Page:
The President arrives in Brussels Thursday for his first NATO heads of state summit
Trump, defense officials say, strongly believes more public acknowledgment must be paid to the successes of the US campaign
In advance of his first NATO summit, President Donald Trump is turning to the Pentagon to raise the public profile of the military fight against ISIS, al Qaeda and other terror groups, several senior defense officials tell CNN.
But the move also comes with the risk of shedding more light on the difficult decisions facing the Pentagon and Trump White House in the coming weeks, including the need for thousands of additional troops overseas in critical locations and questions about how close the cooperation may become between US and Russian forces in key battlefield areas.
The President arrived in Brussels Wednesday for his first NATO heads of state summit, where the alliance is set to make key decisions on future military commitments ranging from increased defense spending to sending more troops to Afghanistan. Trump, defense officials say, strongly believes more public acknowledgment must be paid to the successes of the US campaign.
As a candidate, Trump once said he knew more than the generals about ISIS. Now the President is relying on those generals, revealing his strategy for making good news in a recent interview, saying, “my generals are going to be having a major news conference to inform the public and the world how well we’ve done against ISIS.”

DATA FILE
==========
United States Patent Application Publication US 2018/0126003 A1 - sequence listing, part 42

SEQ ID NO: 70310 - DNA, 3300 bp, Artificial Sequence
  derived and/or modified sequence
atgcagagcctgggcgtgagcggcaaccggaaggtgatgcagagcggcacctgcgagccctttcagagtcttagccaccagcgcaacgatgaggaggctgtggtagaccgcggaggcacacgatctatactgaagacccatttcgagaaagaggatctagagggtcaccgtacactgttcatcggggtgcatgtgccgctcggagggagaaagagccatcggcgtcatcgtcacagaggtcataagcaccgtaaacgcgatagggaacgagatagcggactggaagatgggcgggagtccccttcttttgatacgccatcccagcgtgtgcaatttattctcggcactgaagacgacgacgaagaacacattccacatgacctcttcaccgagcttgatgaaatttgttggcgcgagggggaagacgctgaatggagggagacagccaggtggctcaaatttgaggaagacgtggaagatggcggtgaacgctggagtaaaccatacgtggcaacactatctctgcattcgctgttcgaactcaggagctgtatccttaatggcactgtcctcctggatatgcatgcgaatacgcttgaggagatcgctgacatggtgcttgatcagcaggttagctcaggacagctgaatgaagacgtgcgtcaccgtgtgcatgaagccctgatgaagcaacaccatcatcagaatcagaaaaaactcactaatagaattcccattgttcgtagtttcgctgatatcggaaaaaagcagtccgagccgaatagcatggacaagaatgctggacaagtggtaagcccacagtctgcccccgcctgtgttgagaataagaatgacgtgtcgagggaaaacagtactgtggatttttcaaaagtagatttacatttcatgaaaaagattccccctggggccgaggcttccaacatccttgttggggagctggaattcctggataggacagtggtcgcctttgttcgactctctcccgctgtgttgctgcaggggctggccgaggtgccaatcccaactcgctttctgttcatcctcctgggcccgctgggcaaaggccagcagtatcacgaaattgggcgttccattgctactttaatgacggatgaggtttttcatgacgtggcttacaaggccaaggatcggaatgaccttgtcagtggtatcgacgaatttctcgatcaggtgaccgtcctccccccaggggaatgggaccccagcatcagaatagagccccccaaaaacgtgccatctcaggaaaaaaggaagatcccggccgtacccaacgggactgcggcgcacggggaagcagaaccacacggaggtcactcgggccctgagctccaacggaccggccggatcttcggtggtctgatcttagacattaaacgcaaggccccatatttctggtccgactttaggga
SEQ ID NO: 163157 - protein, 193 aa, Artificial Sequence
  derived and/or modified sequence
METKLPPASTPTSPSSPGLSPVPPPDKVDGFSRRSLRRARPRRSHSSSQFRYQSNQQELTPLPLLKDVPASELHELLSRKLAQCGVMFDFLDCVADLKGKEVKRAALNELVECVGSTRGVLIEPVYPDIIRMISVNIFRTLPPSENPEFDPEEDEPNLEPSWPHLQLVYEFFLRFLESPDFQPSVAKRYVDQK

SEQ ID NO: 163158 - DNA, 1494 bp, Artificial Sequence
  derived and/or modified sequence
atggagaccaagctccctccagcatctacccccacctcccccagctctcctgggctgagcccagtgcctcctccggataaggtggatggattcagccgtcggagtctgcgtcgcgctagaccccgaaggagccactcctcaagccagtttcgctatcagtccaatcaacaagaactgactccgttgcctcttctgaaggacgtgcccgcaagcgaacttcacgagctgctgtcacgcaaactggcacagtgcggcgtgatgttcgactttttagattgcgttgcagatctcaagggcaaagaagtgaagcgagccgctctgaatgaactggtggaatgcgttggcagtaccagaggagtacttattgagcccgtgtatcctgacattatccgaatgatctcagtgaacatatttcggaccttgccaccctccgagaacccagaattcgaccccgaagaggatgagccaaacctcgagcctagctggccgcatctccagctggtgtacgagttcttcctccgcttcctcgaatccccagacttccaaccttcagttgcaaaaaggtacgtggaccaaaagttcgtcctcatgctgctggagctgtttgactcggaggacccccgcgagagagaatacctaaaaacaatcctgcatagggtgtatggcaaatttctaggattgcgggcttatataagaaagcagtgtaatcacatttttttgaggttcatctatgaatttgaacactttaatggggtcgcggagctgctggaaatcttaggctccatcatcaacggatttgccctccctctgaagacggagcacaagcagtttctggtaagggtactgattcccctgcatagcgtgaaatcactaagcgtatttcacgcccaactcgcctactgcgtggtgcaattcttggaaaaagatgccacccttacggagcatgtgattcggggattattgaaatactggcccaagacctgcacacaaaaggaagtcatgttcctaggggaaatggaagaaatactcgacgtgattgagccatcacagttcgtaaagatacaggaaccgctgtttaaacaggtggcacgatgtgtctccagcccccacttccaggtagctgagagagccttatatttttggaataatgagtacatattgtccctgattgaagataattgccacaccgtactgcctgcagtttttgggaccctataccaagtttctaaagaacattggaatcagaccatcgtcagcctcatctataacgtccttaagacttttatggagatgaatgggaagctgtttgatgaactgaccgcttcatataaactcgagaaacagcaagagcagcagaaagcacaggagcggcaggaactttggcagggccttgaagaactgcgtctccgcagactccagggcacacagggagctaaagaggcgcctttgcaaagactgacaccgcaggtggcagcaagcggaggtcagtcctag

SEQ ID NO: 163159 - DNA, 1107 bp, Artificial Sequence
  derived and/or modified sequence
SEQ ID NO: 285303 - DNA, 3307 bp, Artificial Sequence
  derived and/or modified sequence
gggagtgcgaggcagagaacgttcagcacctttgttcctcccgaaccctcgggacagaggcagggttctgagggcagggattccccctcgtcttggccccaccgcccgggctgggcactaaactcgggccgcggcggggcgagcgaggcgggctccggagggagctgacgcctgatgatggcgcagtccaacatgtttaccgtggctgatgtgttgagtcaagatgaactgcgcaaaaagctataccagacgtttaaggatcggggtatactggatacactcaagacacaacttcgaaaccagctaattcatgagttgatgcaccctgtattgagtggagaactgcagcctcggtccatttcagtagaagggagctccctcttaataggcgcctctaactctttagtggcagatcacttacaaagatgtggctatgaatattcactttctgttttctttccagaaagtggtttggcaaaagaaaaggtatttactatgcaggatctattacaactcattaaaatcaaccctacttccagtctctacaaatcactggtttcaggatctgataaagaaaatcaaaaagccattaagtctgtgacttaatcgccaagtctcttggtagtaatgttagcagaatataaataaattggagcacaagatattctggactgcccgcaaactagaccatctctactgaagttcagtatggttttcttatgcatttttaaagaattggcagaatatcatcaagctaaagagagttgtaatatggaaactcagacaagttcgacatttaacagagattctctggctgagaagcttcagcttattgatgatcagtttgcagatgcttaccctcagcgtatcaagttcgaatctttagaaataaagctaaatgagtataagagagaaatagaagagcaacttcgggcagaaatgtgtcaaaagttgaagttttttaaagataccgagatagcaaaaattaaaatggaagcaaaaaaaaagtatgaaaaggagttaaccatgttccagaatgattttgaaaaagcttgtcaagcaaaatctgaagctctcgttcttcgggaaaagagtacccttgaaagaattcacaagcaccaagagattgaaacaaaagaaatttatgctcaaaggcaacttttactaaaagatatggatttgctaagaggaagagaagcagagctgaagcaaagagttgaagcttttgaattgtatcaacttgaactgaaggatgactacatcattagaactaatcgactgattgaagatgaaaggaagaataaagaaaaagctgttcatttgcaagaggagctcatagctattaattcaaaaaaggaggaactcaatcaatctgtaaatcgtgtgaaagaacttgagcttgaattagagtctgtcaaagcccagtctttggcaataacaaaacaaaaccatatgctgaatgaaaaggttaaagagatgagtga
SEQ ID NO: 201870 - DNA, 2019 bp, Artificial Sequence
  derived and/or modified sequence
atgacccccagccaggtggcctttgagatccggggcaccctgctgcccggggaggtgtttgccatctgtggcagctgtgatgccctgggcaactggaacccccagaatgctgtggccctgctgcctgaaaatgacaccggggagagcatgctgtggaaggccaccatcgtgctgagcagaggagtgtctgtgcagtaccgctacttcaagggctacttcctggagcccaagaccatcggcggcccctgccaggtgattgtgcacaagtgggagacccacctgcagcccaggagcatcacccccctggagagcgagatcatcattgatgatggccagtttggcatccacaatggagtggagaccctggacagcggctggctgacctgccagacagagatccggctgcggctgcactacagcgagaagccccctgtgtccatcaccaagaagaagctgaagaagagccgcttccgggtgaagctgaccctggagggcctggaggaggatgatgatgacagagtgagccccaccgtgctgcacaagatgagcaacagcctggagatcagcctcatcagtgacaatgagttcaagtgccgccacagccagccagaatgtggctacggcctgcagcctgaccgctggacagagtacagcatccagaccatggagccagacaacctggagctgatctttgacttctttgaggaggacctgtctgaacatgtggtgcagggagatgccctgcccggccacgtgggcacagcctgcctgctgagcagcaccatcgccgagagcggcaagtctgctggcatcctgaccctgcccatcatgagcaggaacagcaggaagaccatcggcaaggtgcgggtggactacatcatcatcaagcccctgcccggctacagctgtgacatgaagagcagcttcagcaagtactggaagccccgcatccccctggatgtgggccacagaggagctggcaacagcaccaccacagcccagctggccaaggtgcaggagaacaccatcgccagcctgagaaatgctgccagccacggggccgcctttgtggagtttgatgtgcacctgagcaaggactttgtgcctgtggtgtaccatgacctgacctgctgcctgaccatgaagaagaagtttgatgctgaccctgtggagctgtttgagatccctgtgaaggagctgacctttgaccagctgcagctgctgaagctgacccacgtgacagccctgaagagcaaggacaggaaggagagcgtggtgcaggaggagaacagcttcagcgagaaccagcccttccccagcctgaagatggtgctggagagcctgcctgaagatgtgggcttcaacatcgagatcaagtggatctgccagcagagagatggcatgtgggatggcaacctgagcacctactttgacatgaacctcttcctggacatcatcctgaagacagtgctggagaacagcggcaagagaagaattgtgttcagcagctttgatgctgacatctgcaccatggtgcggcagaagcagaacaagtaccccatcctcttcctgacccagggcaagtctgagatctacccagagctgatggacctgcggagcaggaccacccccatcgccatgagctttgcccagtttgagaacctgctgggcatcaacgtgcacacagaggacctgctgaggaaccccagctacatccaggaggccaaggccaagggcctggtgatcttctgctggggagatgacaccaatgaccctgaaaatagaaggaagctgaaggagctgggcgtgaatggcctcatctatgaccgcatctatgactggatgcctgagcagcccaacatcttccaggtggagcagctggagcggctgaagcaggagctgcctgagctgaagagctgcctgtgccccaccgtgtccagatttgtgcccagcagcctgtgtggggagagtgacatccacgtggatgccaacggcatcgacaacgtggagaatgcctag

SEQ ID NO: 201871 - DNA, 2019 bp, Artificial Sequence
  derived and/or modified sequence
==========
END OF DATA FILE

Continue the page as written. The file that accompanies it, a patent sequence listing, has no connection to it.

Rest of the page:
Last Friday, that’s exactly what happened: in their first-ever Pentagon news conference together, Defense Secretary James Mattis, as well as the Chairman of the Joint Chiefs Gen. Joseph Dunford and presidential envoy Brett McGuirk, laid out their case the war is working. While there was brief acknowledgment that the ISIS campaign began under former President Barack Obama, the emphasis was on some of the new changes made since Trump ordered a review of the ISIS strategy when he took office.
It was the news conference the President wanted, officials tell CNN. Some of the statistics about the fight in Iraq and Syria appear impressive. According to the Pentagon:
- ISIS has lost 55,000 square kilometers of territory and regained none of it.
- Airstrikes have hit 2,600 ISIS-held oil and gas targets, resulting in the lowest revenue for the terror group since 2014.
- In Mosul, 980 ISIS fighters have been killed and more than 6,000 have been wounded.
- More than 4 million people have been freed from ISIS-held areas.
Mattis pointed to two key changes under Trump. First, his decision to allow commanders more leeway in undertaking operations on their own authority. There will also be more of an effort to isolate ISIS fighters in their existing strongholds rather than pushing to be on run across remote areas.
Iraqi forces may be just days away from declaring Mosul liberated. And Syrian fighters are getting closer to Raqqa every day. But even these new changes demonstrate there are no perfect solutions, officials say.
But there are risks ahead. More fighting in cities like Mosul and Raqqa could raise the potential of civilian casualties. And commanders quickly undertaking their own operations without White House approval opens the door for the Trump administration to blame the military for any risk of casualties, such as happened after a Navy SEAL was killed earlier this year in a raid in Yemen.